Santa arrived in the stores on the day after Thanksgiving.  Which was when the stores were suddenly and magically decorated with Christmas trimmings.
I had some of the same teachers in elementary school that my mother had.  They frequently called me by her name.
We rode in the back of the truck all the time.  Or on the fender of the tractor.  My dad often says it's a wonder any of us grew up (hashtag sarcasm).  
A computer with the power of the calculator sitting on my desk would take up an entire room.
My dad didn't have a computer sitting on his desk.  He had a slide rule.
After a while, he had an adding machine.
I remember smells....the way the bank smelled (was that money?); the way the library smelled; the way the bucket of Kentucky Fried Chicken smelled as we carried it home...about a half an hour drive from the nearest restaurant.  At which we only stopped if we happened to be headed home from the city and going by at the opportune moment.  The way the stubby lopsided Christmas trees smelled.  The way Grandma's shellout beans smelled as they warmed up for about the third time.  The way new-cut hay smelled.
The days were slow, but never long enough.  I hated napping and going to bed at night.  I might miss something.
This is nothing like the post I wanted to write.  But maybe it was the one I needed to write.
Nostalgia is good from time to time.
And a birthday is a good time to be nostalgic.

Friday, July 7, 2017

Blogging Bible Study - Galatians week 6 4:8 - 18

Posted by Lisa Laree to Beer Lahai Roi
Oh, is this not a question suitable for today:

Have I now become your enemy by telling you the truth? (4:16)

The passage we're looking at today echos once more Paul's heartbreak over the decisions of those folks in Galatia to jump up and run after different doctrine.

He reminds them of where they came from...serving idols and religion that  had no true power or authority, being bound up in rituals and rules and laws.  Now, he says in verse 9, they know God and His truth and His power...and yet they are wandering back under the tyranny of rituals and rules and laws.   They have, in effect, gone back to the same setup while claiming a different Lord.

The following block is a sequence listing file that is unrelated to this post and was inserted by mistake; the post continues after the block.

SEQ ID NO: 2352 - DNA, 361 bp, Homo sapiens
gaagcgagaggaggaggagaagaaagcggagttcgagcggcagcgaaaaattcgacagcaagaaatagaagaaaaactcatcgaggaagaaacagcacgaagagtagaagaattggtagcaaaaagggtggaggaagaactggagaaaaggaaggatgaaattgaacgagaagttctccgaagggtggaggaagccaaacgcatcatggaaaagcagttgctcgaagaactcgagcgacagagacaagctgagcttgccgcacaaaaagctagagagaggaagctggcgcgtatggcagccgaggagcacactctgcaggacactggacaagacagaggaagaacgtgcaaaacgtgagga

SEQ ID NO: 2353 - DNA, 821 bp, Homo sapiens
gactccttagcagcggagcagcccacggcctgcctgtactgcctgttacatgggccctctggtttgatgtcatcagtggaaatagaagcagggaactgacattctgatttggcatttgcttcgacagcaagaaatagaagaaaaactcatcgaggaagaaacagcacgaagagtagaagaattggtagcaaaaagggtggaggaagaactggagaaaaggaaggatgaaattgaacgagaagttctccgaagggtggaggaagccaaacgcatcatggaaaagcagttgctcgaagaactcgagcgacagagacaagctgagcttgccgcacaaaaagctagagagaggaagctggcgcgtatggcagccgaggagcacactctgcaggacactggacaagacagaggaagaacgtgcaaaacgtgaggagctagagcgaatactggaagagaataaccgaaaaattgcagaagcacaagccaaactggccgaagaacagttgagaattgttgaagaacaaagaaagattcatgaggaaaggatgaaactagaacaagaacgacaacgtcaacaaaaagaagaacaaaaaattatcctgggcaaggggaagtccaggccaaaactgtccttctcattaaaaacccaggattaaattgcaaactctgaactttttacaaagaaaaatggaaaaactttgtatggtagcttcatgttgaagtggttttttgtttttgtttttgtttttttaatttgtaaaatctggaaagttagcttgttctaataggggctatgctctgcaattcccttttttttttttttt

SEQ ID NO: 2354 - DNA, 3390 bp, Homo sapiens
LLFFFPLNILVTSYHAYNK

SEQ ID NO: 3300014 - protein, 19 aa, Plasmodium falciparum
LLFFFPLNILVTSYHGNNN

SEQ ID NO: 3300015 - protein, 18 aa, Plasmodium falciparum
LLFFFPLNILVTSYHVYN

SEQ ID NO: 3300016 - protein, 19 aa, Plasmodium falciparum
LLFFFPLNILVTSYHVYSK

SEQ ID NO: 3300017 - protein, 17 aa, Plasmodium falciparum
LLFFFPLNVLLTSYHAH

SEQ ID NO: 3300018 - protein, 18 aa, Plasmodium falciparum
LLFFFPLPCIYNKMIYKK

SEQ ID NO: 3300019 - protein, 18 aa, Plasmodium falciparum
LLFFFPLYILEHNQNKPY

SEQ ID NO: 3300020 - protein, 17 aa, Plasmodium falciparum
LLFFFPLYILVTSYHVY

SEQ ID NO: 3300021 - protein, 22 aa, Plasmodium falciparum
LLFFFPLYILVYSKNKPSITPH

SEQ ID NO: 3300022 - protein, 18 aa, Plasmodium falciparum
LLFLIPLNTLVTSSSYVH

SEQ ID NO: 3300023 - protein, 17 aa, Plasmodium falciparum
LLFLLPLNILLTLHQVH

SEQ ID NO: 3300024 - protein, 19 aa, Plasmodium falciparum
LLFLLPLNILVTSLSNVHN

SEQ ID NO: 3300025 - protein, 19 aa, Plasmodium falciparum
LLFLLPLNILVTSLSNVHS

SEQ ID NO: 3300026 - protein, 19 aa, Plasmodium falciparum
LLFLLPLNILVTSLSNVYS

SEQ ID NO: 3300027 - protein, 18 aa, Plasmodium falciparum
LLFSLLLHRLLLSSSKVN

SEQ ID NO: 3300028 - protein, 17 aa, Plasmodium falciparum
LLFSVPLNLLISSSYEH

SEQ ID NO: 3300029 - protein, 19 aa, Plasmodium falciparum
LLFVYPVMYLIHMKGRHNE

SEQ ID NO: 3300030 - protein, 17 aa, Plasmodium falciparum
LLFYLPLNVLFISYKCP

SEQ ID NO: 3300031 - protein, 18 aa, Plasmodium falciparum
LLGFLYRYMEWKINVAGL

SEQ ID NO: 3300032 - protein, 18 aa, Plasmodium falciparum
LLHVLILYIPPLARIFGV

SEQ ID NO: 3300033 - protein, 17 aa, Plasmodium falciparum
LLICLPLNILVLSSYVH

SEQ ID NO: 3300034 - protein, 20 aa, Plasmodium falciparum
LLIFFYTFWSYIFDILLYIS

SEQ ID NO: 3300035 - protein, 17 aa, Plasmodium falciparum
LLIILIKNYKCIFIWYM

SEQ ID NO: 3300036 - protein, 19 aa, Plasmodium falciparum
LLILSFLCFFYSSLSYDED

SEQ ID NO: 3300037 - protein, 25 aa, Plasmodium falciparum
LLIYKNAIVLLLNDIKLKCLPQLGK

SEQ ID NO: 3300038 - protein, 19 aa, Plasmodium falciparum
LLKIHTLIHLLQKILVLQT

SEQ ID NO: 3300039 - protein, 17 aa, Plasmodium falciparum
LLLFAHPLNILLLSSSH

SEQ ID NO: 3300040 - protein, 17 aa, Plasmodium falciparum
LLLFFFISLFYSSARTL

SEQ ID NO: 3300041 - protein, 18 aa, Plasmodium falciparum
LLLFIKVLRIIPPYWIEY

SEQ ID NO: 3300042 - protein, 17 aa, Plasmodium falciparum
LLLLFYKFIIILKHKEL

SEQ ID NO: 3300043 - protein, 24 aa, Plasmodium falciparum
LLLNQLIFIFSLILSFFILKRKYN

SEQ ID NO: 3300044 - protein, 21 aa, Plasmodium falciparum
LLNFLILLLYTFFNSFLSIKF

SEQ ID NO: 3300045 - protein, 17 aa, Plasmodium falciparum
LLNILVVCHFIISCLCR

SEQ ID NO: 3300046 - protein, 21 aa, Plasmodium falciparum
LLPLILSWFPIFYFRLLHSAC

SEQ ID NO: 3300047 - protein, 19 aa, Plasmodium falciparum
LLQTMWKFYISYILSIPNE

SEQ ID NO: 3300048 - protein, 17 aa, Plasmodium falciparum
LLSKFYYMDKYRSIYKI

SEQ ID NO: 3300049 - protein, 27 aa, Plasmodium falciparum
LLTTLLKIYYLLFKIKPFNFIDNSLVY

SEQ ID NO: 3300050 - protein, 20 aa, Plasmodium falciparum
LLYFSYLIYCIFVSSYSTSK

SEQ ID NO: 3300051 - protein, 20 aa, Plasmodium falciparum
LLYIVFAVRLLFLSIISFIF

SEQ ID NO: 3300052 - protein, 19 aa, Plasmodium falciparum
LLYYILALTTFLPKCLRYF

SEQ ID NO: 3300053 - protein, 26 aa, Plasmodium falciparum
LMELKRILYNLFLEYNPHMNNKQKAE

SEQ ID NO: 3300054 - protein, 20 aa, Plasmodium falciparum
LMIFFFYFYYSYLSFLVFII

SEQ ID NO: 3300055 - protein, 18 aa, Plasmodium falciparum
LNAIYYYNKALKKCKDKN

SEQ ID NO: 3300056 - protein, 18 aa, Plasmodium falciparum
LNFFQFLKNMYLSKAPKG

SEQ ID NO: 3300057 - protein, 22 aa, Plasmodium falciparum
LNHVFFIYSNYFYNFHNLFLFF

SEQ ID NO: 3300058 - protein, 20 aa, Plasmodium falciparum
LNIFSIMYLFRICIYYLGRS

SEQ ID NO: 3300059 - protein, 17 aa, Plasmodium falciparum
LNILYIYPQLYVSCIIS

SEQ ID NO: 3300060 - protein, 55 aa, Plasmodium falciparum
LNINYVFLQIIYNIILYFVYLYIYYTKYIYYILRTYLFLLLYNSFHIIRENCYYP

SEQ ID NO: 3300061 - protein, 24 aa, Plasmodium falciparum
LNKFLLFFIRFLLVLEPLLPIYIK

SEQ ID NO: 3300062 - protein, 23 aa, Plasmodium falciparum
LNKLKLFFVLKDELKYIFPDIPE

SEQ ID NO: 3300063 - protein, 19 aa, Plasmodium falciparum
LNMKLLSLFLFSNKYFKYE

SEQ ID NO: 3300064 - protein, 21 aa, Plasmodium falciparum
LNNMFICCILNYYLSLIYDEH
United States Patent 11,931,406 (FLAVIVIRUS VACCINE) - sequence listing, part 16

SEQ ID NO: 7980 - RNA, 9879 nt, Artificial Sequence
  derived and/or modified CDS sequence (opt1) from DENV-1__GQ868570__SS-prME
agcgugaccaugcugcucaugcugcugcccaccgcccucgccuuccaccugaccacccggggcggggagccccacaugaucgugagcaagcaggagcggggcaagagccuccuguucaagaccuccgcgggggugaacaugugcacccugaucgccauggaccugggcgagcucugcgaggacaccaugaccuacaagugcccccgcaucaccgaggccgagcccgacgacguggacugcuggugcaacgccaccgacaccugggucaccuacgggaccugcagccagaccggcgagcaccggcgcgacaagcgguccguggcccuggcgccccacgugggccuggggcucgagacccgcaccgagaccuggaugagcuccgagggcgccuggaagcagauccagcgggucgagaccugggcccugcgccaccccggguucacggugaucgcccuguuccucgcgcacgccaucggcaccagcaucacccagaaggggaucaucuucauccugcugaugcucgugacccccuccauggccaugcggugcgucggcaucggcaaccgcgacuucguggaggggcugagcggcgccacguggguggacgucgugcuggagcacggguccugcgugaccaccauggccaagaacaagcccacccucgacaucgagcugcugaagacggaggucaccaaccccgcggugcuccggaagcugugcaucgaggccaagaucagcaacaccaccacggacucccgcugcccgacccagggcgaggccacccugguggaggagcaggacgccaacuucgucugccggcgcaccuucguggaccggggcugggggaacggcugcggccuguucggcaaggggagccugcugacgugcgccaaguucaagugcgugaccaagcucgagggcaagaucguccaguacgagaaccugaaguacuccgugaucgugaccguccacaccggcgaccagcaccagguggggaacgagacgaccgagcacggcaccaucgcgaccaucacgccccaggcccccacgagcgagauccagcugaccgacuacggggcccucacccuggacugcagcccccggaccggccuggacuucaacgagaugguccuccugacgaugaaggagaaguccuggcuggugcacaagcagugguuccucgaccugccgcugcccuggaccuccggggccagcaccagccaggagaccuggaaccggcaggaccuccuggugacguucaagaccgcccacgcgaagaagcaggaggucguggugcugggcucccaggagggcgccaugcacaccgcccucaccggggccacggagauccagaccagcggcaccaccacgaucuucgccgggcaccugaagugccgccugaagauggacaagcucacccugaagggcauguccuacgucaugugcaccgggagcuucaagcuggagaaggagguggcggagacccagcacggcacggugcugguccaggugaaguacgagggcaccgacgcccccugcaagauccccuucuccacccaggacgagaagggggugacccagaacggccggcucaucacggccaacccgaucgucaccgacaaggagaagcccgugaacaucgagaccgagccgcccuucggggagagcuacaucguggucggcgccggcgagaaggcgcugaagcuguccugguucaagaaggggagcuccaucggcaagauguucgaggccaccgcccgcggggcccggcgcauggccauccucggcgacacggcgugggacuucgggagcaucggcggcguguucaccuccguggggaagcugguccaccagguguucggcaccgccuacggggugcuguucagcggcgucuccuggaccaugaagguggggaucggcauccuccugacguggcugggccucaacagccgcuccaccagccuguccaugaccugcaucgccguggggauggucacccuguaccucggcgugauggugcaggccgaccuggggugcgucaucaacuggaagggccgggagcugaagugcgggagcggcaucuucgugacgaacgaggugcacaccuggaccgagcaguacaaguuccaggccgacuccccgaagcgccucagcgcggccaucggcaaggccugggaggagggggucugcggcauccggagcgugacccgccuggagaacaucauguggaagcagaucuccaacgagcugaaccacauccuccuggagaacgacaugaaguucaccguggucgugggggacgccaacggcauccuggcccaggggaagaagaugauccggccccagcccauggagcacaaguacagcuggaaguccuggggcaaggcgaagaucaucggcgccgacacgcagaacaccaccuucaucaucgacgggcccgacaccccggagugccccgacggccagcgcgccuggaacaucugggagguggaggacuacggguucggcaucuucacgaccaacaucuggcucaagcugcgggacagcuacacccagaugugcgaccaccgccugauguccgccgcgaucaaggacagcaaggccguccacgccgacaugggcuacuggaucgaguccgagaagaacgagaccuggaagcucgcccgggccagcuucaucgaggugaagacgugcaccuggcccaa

Paul is exasperated. I fear for you, that somehow I have wasted my efforts on you. (v. 11). All the work he put in among them and for them is useless if they abandon it so quickly. It doesn't matter what Lord they claim...if they have gone back to the old way of doing things they have abandoned their faith.  Become like me, he pleads in verse 12, for I became like you.  You have done me no wrong.

Notice what Paul said.  He is not taking personal offense at the sudden departure of his pupils. He is grieved, he is frustrated, he is even angry...but he is not personally offended by their actions.  He recognizes the ignorance at work here, and that the true fault is with the folks who have fed them bad doctrine.  He will have further words regarding them later.  But for the Galatians themselves, he simply reminds them of when he first came to them, apparently stopping in the area because he was ill.

And they took care of him in his illness and treated him with honor (incidentally, his statement that, if it had been possible, those folks would have torn out your eyes and given them to me is the basis for many folks' belief that Paul's ongoing physical issues were related to his eyes in some manner).  Indeed, they were glad to receive him.

What has happened to all your joy? he asks in verse 15.

Nothing saps the joy out of faith faster then the obligation of religious duty.  And that's exactly what was sapping the joy from those folks in Galatia.

Now Paul mentions the folks who came behind him, with their gospel of works,  Those folks want to win you over, he warns, but their purpose is not honorable (paraphrase, v. 17).  In fact, Paul states that the agenda of those folks is to alienate them from him; cut them off from any influence Paul might have with them, so that instead the folks in Galatia would be influenced by and zealous for those teachers and their rules and regulations.

It's fine to be zealous, provided the purpose is good - v.18.

Purpose matters.  Intention matters.  Agenda matters.  Zeal in and of itself...is not what matters.  And zeal that is for the right purpose is consistent...not there when you're around someone who approves and absent if approval is not forthcoming.  True zeal for what is good and true s always present.

That's a good rule-of-thumb for a quick motive check. If my enthusiasm for a task or project rises and falls with the appearance/interest of someone it may be time to take a hard look at my motives.  Who am I really trying to please?  Is there joy in my service?  Does it rankle to hear the truth?